There are three main chemical messengers in the brain responsible for feelings of pleasure: dopamine, serotonin, and norepinephrine. Ecstasy affects all three feel-good chemicals.

With time and repeated or regular abuse, ecstasy can disrupt the natural process of chemical production in the brain. This means the brain comes to rely on ecstasy to produce these feelings, forming an addiction.

The effects of addiction cause a person to change behavior, experience changes to emotion and eventually change lifestyle.

Addiction essentially hijacks a person’s brain, leading them to engage in behaviors they may not otherwise engage in.
A person may become secretive about their ecstasy use, begin lying about whereabouts or other details, and may begin stealing money to buy ecstasy. They may become irritable or obsessive if they can’t obtain ecstasy and cravings may seem unbearable.

If a person struggles with addiction to another substance, the effects of ecstasy addiction are only worsened.

Effects Of Ecstasy Abuse

Ecstasy abuse can lead to a number of adverse side effects. Side effects of substance abuse can manifest in many different ways, including emotional, physical, psychological, and behavioral.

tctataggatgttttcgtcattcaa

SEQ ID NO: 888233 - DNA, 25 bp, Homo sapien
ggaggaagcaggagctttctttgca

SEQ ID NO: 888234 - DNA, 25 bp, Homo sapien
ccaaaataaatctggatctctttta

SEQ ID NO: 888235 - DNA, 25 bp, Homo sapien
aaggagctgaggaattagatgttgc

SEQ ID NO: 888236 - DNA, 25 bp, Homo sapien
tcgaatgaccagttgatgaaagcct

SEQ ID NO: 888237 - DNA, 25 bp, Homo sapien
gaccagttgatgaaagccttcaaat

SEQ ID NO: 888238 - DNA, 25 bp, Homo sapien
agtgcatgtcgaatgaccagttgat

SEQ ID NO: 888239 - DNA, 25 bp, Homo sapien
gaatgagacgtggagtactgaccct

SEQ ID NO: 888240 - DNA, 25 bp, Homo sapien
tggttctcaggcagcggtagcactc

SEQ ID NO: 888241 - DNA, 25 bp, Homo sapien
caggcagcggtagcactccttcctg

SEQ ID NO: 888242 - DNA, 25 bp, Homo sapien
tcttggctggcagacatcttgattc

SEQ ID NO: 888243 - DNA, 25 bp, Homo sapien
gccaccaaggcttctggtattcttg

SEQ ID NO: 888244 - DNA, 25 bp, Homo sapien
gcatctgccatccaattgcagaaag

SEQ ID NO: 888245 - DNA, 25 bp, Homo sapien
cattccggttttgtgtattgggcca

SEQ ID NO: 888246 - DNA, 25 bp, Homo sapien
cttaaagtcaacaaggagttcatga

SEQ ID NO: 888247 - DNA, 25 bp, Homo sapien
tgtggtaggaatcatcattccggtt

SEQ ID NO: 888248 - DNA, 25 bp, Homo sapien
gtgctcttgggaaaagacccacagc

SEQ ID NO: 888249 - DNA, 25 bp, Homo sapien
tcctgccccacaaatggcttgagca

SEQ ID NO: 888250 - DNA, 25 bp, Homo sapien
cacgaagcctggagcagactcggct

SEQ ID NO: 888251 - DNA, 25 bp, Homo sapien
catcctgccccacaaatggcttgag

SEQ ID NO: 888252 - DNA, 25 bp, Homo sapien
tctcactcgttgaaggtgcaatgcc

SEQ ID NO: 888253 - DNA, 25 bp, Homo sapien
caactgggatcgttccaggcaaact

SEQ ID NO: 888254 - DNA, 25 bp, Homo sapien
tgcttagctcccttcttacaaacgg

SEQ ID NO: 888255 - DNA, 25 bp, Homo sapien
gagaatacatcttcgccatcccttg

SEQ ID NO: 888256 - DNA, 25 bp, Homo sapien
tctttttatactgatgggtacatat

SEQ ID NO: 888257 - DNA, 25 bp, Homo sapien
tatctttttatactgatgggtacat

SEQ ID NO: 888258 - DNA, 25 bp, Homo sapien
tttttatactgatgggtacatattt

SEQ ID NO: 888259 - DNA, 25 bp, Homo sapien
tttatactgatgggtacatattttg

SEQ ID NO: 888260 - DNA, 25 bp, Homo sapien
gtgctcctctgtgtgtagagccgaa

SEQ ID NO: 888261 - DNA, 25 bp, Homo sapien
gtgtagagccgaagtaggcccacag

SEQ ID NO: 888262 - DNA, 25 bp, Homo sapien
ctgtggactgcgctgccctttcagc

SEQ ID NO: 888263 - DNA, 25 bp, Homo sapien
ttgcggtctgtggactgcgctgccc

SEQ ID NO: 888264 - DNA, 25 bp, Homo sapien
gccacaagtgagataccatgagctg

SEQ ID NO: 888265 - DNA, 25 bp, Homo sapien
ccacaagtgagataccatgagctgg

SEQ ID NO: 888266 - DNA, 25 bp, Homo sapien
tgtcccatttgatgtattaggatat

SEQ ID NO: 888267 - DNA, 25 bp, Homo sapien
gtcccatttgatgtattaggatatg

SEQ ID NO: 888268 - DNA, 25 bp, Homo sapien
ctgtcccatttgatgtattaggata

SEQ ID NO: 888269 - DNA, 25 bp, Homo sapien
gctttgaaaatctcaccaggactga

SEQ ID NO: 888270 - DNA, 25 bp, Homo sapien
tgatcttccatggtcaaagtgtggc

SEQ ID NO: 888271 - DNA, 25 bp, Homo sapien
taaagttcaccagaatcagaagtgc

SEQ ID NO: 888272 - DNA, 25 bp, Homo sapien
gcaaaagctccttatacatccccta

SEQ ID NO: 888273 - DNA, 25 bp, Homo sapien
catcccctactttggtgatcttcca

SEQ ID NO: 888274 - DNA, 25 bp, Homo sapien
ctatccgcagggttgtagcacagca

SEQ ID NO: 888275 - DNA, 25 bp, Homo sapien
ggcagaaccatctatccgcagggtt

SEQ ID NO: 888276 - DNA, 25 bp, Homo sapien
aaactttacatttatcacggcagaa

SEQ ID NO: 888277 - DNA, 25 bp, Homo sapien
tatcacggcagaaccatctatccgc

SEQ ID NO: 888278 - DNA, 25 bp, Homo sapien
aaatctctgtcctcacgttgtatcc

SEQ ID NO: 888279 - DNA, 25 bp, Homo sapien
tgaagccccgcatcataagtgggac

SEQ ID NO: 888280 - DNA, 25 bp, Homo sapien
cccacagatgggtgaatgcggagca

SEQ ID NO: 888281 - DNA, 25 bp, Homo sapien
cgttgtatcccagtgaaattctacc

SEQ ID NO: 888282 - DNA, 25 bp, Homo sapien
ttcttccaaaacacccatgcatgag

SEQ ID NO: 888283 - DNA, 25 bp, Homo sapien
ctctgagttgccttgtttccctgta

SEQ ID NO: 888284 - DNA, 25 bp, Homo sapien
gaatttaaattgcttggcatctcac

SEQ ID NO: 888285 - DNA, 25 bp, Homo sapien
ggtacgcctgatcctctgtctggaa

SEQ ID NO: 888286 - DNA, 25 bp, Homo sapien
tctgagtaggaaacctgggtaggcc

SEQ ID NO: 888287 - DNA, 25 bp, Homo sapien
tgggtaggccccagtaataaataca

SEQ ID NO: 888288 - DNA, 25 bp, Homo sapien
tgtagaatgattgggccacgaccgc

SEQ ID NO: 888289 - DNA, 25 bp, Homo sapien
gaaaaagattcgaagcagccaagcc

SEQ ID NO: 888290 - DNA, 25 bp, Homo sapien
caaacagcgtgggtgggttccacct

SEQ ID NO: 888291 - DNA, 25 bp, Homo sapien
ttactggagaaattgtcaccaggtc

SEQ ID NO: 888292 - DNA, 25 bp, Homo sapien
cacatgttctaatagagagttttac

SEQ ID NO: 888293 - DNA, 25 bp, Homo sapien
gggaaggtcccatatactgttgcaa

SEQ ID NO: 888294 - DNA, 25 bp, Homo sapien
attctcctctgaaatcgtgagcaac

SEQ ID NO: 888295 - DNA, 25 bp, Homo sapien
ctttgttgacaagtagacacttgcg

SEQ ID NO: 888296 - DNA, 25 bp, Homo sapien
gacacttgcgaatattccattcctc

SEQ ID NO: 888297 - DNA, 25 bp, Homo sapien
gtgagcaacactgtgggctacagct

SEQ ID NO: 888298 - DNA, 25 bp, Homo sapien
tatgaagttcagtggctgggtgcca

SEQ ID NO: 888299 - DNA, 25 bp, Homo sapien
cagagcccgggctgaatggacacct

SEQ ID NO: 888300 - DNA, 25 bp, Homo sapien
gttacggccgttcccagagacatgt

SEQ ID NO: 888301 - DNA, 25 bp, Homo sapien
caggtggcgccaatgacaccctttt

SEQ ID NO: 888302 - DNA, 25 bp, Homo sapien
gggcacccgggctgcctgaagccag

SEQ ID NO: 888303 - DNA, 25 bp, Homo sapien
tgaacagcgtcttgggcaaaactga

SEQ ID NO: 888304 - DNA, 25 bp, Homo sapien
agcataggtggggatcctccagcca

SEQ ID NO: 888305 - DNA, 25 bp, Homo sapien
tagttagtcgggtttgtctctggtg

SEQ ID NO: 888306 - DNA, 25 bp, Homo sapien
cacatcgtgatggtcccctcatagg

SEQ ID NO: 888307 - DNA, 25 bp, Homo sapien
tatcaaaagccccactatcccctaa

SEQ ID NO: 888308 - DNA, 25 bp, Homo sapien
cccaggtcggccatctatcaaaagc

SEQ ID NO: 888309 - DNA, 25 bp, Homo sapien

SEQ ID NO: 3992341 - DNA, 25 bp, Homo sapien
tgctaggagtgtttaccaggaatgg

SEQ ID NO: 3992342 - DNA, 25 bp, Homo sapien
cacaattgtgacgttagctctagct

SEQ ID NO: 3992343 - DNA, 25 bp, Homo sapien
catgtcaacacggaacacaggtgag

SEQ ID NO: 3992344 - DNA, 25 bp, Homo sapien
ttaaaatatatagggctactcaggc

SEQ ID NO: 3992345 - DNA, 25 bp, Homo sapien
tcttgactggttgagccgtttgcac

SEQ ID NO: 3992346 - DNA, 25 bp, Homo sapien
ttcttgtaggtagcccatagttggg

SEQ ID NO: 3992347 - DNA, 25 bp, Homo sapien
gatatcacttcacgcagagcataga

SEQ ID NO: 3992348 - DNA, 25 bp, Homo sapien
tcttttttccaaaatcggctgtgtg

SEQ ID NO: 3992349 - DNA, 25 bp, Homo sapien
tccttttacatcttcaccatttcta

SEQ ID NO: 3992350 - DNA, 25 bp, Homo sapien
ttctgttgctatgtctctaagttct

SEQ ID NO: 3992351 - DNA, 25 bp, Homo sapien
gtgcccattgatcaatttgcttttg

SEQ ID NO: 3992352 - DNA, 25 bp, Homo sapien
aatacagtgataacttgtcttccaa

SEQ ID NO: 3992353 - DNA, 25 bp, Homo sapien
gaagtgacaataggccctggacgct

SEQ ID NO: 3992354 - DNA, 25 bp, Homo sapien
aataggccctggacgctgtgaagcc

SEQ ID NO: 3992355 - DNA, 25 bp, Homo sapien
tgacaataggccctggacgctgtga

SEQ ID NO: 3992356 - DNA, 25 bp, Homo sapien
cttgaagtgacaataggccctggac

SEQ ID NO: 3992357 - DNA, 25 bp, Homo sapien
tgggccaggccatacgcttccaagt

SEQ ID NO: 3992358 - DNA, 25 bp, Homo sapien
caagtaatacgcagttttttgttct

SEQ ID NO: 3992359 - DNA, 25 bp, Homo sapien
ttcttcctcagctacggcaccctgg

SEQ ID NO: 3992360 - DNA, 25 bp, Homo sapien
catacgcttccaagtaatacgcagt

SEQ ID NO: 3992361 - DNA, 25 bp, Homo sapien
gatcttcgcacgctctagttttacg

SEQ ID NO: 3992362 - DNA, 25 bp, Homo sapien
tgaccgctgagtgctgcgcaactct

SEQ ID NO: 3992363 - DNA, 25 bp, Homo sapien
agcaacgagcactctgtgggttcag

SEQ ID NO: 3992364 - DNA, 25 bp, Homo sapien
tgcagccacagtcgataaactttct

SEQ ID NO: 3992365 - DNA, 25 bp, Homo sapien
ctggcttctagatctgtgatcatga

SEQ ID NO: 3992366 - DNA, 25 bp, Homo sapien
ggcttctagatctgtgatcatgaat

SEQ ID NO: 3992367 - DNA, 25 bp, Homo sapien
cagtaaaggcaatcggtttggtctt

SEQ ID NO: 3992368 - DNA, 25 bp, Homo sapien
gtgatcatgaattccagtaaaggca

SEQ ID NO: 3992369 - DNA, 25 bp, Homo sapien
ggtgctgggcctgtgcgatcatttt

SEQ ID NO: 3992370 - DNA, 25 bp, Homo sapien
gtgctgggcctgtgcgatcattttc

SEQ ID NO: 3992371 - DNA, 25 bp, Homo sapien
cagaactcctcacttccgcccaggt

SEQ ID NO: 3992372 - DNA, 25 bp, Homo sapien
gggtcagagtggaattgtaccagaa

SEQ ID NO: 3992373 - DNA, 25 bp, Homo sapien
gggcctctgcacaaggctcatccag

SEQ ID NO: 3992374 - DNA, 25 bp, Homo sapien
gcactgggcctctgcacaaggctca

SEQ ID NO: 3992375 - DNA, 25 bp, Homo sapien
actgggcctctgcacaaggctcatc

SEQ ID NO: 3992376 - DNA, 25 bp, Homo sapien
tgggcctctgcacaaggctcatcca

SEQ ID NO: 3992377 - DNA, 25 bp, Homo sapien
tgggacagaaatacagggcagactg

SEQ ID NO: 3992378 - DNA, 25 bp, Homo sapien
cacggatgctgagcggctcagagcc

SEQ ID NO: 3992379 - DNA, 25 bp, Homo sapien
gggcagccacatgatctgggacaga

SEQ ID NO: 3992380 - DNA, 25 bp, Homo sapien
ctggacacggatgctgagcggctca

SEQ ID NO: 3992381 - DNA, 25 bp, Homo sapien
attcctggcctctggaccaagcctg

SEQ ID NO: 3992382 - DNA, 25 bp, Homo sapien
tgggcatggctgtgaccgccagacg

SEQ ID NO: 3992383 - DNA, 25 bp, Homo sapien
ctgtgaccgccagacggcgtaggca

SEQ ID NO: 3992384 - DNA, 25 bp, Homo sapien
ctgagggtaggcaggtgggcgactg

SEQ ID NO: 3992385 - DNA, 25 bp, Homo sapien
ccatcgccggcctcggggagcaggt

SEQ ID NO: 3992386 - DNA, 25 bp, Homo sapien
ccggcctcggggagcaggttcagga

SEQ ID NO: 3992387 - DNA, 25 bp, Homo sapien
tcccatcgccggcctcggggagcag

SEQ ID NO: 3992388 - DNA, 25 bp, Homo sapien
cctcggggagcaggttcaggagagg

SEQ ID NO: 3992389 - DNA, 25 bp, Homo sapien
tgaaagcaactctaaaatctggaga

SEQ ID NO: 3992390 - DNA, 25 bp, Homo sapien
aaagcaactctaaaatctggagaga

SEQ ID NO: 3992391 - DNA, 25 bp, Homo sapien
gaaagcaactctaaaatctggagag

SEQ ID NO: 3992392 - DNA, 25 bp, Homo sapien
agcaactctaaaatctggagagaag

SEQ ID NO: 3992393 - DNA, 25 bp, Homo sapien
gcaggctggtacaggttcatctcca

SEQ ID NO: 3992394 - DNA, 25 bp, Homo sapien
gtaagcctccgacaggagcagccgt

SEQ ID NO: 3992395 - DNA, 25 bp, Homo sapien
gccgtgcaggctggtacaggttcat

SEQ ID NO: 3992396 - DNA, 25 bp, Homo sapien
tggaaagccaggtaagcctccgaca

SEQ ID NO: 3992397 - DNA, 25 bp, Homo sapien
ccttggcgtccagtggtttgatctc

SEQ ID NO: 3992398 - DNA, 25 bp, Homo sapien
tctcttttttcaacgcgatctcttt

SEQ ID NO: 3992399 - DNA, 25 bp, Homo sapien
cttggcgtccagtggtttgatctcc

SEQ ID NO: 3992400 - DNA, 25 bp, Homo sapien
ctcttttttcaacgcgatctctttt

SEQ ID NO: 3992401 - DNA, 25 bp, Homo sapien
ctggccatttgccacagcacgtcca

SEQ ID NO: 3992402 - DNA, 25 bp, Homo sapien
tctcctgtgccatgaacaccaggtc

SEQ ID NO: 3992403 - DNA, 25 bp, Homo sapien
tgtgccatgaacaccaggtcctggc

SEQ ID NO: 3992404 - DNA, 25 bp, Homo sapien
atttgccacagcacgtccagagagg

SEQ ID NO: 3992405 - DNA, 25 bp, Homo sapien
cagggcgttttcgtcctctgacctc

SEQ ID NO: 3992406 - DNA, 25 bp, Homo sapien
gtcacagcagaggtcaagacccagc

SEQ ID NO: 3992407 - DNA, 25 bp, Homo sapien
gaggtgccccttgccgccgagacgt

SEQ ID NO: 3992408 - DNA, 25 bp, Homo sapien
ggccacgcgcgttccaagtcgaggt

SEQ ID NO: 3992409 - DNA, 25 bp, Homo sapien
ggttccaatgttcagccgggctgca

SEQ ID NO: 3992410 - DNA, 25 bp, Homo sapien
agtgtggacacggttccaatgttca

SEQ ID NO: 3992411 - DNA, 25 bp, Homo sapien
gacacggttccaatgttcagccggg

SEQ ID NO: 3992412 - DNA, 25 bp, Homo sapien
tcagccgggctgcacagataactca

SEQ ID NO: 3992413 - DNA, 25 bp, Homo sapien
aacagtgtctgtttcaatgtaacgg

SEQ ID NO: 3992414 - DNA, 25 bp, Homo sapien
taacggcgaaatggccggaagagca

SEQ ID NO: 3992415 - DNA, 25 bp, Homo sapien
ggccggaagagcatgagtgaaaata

Short-Term Side Effects Of Ecstasy (Molly) Abuse

  • aggression
  • anxiety
  • blurred vision
  • chills
  • depression
  • irritability
  • lack of appetite
  • muscle cramps
  • nausea
  • sleep troubles

Long-Term Side Effects Of Ecstasy Abuse

  • increased body temperature for lengthy periods of time
  • extreme anxiety
  • insomnia
  • memory loss
  • fatigue
  • lethargy
  • severe depression

Dangers Of Ecstasy Abuse

One of the greatest dangers of ecstasy abuse is that it can lead to extremely high body temperatures, surpassing the body’s ability to regulate its temperature.

Failure to regulate body temperature can result in organ damage and/or failure, which can be fatal.

At high doses, ecstasy can lead a person into a psychotic state in which they experience hallucinations.

Hallucinations may be severe enough to lead to a severely confused state or delusions. In turn, this may lead a person to become aggressive or manic.

While Ecstasy leads to an intense high, the high is followed by an intense low, or crash. This crash is characterized by a period of extreme anxiety and depression, sleep troubles, and lack of appetite, all of which can greatly affect a person’s health.

Finally, ecstasy may be laced with other substances. Because ecstasy is an illicit drug, it is always produced and sold illegally and buyers cannot guarantee the purity of the drug. Ecstasy may contain dangerous substances or more potent drugs, making each use of it a risk.

Mixing Ecstasy And Other Drugs

Mixing Ecstasy with other drugs can be dangerous for a few different reasons. First, when mixing Ecstasy with another stimulant, the effects of each drug may become enhanced. While a person may be chasing this combined effect, it can have dangerous consequences.

Ecstasy raises body temperature and other functions, like heart rate. All stimulants also work to increase heart rate. When combining ecstasy and other stimulants, such as cocaine, a person’s heart rate, blood pressure, or body temperature may rise to dangerous levels.